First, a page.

There are living members of genus nihilist, as there are of genus credulous. The problem is, there are only a few of each.
The actions of the vast majority of human beings don’t betray an allegiance to either ideology. Some label themselves ‘theist, idealist, spiritual’; others prefer ‘atheist, materialist, secular’. Can you tell me who is in which group by examining the way they live their lives? I can’t!
Avowed theists are capable of unimaginable cruelty. Avowed atheists are capable of incredible charity. Absent, the one-percent at either end of the spectrum, people don’t seem to care one way or the other about these issues. They deny the existence of God but behave like Mother Theresa; or they affirm the existence of God but behave like Josef Stalin.
To the extent they care at all, human beings seem to wall off their cosmological ‘beliefs’ from their terrestrial ‘duties’: Church is for Sundays while business…is ‘just business’. Or do I have it backwards? Should I have said, ‘cosmological duties’ and ‘terrestrial beliefs’? Either way, there’s a disconnect.
I am particularly intrigued by older Earthlings, many of them retired from what they call ‘the daily grind’. As far as I can tell, most of them are spending their final years perfecting their golf swings, travelling to exotic destinations, or seeking out hidden culinary gems. Few see ‘financial freedom’ as an opportunity to turn their attention from the ridiculous to the sublime.
Recently, many have taken to enshrining their post-retirement activities in the form of something they call a bucket list, a compendium of things they hope to experience before...
You’re 75 years old and now you want to see the Grand Canyon? Why? To check it off some imaginary list? To say you’ve seen it? After all, you’ve lived on Earth for 75 years. How can it be that you haven’t even seen the Grand Canyon, or eaten a meal in Paris, or shopped in a Kasbah! What a waste of a life…or not!
The best explanation I can come up with is that Earthlings regard their lives as ‘works of art’. Prior to age 25, they are priming the canvass. From 25 to 65, they lay in the broad strokes. After 65, it’s time to add the finer details.
To what end? Have they even read their own poets? “My name is Ozymandias, king of kings; look upon my works ye mighty and despair…nothing beside remains.” (Shelley)
What is the purpose of this finished product humans call ‘a life’? It’s not for God, they’ve ruled that out; and it’s not for others, obviously. People seem hell-bent on making themselves for themselves. The competition characteristic of the commercial realm spills over into the existential. I am ‘better than you’ if I have ‘more’ experiences than you.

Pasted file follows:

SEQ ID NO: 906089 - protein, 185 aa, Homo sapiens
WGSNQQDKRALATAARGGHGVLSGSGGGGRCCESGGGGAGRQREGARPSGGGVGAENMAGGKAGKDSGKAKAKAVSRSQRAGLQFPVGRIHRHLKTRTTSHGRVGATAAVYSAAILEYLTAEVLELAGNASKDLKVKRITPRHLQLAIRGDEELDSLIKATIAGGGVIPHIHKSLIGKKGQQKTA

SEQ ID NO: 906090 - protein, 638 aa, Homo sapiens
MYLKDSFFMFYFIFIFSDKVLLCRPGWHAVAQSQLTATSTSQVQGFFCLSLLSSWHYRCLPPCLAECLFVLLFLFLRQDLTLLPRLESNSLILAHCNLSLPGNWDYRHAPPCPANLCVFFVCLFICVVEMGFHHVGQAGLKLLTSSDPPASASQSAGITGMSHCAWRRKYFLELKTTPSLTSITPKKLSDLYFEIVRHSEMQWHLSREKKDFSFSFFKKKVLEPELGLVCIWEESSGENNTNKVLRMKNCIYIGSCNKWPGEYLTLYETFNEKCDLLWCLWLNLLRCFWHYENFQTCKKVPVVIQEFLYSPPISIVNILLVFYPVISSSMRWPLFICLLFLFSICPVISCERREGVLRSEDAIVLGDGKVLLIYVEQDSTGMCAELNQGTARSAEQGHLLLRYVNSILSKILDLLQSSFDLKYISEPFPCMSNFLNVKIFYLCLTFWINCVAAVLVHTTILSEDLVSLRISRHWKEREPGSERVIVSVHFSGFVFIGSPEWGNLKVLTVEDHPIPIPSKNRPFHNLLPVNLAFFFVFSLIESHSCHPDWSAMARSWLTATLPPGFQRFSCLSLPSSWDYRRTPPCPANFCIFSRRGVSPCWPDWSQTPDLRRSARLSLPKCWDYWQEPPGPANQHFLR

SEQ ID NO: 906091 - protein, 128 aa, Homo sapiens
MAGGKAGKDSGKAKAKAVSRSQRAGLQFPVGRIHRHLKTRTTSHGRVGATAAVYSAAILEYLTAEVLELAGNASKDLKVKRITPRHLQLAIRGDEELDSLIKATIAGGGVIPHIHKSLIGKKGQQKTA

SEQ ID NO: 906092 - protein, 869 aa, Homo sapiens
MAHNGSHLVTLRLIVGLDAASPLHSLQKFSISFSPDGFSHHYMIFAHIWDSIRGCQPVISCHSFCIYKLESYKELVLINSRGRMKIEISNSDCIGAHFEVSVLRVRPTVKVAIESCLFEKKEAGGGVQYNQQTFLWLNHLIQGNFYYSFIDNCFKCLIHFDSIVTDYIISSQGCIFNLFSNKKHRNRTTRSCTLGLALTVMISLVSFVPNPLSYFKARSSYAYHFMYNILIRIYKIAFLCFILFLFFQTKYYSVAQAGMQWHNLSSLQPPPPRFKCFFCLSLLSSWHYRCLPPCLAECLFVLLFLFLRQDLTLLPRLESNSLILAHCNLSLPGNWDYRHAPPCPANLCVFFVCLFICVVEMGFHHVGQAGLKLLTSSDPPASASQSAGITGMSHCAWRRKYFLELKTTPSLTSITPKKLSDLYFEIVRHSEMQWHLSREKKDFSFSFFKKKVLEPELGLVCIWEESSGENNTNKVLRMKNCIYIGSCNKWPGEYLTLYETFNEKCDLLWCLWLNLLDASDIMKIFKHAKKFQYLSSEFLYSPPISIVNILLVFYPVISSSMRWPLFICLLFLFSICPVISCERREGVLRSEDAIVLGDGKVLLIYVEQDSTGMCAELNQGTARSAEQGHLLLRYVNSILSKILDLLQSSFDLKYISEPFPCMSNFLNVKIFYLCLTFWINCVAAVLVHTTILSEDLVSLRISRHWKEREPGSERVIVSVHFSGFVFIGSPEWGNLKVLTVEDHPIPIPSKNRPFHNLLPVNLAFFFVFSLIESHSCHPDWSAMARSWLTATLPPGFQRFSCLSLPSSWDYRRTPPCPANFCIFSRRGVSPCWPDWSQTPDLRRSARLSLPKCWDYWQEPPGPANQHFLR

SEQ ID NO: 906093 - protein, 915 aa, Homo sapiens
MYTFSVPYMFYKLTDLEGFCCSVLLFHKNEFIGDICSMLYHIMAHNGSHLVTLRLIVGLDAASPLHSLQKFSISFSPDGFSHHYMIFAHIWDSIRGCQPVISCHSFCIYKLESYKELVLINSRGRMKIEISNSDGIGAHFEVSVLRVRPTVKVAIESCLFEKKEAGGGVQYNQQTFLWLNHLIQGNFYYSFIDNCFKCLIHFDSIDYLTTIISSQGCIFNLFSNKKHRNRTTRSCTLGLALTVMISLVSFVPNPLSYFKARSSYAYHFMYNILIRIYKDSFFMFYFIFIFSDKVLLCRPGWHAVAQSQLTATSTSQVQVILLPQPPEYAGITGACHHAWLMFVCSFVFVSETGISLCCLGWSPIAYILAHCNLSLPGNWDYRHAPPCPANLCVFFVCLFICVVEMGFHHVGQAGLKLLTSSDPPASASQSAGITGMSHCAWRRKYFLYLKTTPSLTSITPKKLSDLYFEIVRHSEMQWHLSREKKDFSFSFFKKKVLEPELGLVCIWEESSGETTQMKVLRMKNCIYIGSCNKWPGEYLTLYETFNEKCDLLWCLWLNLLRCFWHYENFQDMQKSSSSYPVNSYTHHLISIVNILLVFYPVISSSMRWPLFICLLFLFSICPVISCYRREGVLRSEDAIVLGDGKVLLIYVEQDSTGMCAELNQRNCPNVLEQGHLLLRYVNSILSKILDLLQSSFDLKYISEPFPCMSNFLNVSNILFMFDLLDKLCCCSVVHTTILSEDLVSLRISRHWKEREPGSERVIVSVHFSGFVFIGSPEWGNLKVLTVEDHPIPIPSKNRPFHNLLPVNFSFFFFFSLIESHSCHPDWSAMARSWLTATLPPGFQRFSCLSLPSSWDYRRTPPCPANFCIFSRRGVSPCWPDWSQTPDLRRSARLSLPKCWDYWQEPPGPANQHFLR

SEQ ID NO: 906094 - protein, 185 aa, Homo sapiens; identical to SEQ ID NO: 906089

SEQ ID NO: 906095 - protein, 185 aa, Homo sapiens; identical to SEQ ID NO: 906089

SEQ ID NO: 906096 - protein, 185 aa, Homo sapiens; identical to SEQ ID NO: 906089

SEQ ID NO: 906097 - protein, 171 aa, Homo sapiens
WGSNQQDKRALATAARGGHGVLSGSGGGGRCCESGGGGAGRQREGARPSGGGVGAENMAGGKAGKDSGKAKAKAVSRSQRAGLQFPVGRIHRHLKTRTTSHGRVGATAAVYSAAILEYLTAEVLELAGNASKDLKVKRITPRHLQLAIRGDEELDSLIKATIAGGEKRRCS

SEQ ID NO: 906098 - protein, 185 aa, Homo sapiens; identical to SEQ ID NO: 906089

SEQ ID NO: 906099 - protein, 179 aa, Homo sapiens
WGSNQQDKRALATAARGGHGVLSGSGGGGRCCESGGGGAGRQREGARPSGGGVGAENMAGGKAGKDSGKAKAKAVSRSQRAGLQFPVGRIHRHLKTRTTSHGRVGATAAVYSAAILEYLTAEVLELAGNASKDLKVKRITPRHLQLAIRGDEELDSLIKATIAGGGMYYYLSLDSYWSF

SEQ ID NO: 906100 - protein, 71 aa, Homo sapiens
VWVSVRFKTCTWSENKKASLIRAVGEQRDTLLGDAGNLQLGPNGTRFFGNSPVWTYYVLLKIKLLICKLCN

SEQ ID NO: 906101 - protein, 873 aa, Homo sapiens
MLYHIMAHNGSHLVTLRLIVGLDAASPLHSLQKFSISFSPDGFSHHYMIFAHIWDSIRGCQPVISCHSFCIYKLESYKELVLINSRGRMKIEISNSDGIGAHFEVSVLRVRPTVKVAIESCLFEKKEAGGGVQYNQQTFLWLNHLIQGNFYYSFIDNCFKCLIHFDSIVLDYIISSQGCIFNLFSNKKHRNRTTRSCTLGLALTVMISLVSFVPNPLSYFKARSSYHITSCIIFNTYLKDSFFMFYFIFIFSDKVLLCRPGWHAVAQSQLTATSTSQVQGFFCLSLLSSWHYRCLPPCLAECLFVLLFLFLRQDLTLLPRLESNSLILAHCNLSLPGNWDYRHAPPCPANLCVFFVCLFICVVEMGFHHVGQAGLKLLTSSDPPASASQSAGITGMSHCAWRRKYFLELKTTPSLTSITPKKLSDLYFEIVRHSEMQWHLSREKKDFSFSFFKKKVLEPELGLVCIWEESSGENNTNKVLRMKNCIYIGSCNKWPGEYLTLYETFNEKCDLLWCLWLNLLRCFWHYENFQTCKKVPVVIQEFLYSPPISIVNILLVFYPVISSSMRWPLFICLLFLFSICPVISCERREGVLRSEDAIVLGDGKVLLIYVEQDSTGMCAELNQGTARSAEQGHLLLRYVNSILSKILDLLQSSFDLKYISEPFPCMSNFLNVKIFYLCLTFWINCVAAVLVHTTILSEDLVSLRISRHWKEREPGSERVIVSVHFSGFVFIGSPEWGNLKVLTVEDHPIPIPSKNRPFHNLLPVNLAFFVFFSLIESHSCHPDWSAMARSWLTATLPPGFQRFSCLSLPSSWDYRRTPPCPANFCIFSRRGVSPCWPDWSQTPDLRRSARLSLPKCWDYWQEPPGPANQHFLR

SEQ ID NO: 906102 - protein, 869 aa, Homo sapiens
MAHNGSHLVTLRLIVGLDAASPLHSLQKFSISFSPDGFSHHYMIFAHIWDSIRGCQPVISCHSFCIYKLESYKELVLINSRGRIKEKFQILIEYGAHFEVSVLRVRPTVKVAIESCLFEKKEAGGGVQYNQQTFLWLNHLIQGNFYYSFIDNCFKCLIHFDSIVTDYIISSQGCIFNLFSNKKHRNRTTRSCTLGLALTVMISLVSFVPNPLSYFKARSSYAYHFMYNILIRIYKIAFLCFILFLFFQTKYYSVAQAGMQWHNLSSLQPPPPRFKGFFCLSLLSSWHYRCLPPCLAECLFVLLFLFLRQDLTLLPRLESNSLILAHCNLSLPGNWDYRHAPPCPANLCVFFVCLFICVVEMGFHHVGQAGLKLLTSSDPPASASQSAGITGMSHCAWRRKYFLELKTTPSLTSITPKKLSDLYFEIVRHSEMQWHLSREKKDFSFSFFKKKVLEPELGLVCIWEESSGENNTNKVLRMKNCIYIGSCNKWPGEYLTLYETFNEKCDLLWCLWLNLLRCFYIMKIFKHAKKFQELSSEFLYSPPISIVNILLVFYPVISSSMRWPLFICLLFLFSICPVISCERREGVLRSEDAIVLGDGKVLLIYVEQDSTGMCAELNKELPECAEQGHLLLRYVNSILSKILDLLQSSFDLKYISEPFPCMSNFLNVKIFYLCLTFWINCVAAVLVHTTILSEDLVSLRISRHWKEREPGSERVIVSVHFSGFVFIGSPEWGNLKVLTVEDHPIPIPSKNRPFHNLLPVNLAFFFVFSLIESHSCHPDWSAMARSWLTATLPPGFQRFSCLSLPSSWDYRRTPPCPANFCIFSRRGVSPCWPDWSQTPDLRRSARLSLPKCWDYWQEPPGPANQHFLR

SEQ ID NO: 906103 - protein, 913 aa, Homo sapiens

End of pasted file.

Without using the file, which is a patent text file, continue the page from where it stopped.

But what does it mean to ‘have more experiences’ than someone else? Longer life? (Is life an endurance contest?) More variety? (Is life a travelog?) Greater intensity? (Or should I say, “Cheap Thrills”)?
I heard one person describe life as making memories: but memories for what? Making memories, some no doubt painful, that will shortly be erased? Is life a punishment? (A ‘bad boy’ is made to write 25 humiliating sentences on a blackboard, and then later that same day is made to erase them.)
I am told that once upon a time, things were different: humans regularly devoted their later years to prayer, study, and various spiritual practices. Well, no more! Teenagers talk freely about ‘the meaning of life’, but not seniors! In fact, it is considered déclassé for an older person to raise such concerns, even in casual conversation. It is considered morbid, a memento mori for a society that has effectively lost sight of its mortality.
So, I must report that human beings are split into two diametrically opposed factions when they consider ‘the ultimate question’: what’s it all about, Alfie? (Title of a movie from the 1960s.) But must I also report that they don’t really care about the answer? For the most part, they live their lives as they want to live them, with no regard for where those lives fit into the totality of things. Curious, don’t you think?
This is the spot where you’re wondering if I know something that you don’t. Come on, admit it! Well, maybe I do and maybe I don’t, but either way, as you know, I can’t tell you. I am prohibited by the Prime Directive from sharing any information that might prompt folks to change their behavior. So I’m afraid you’ll have to figure things out for yourselves…if there’s anything to figure out…and I’m not saying there is!
BTW, I appreciate the hospitality you’ve shown me throughout my stay. I’ll find a way to muddle through my report. In the meantime, my thanks to all of you…and good luck with your quest!
Image: Perseus and Andromeda (1720). Hendrick Jacob Hoet (c. 1693–1733). Credit: The Bowes Museum.
David Cowles is the founder and editor-in-chief of Aletheia Today Magazine. He lives with his family in Massachusetts where he studies and writes about philosophy, science, theology, and scripture. He can be reached at email@example.com.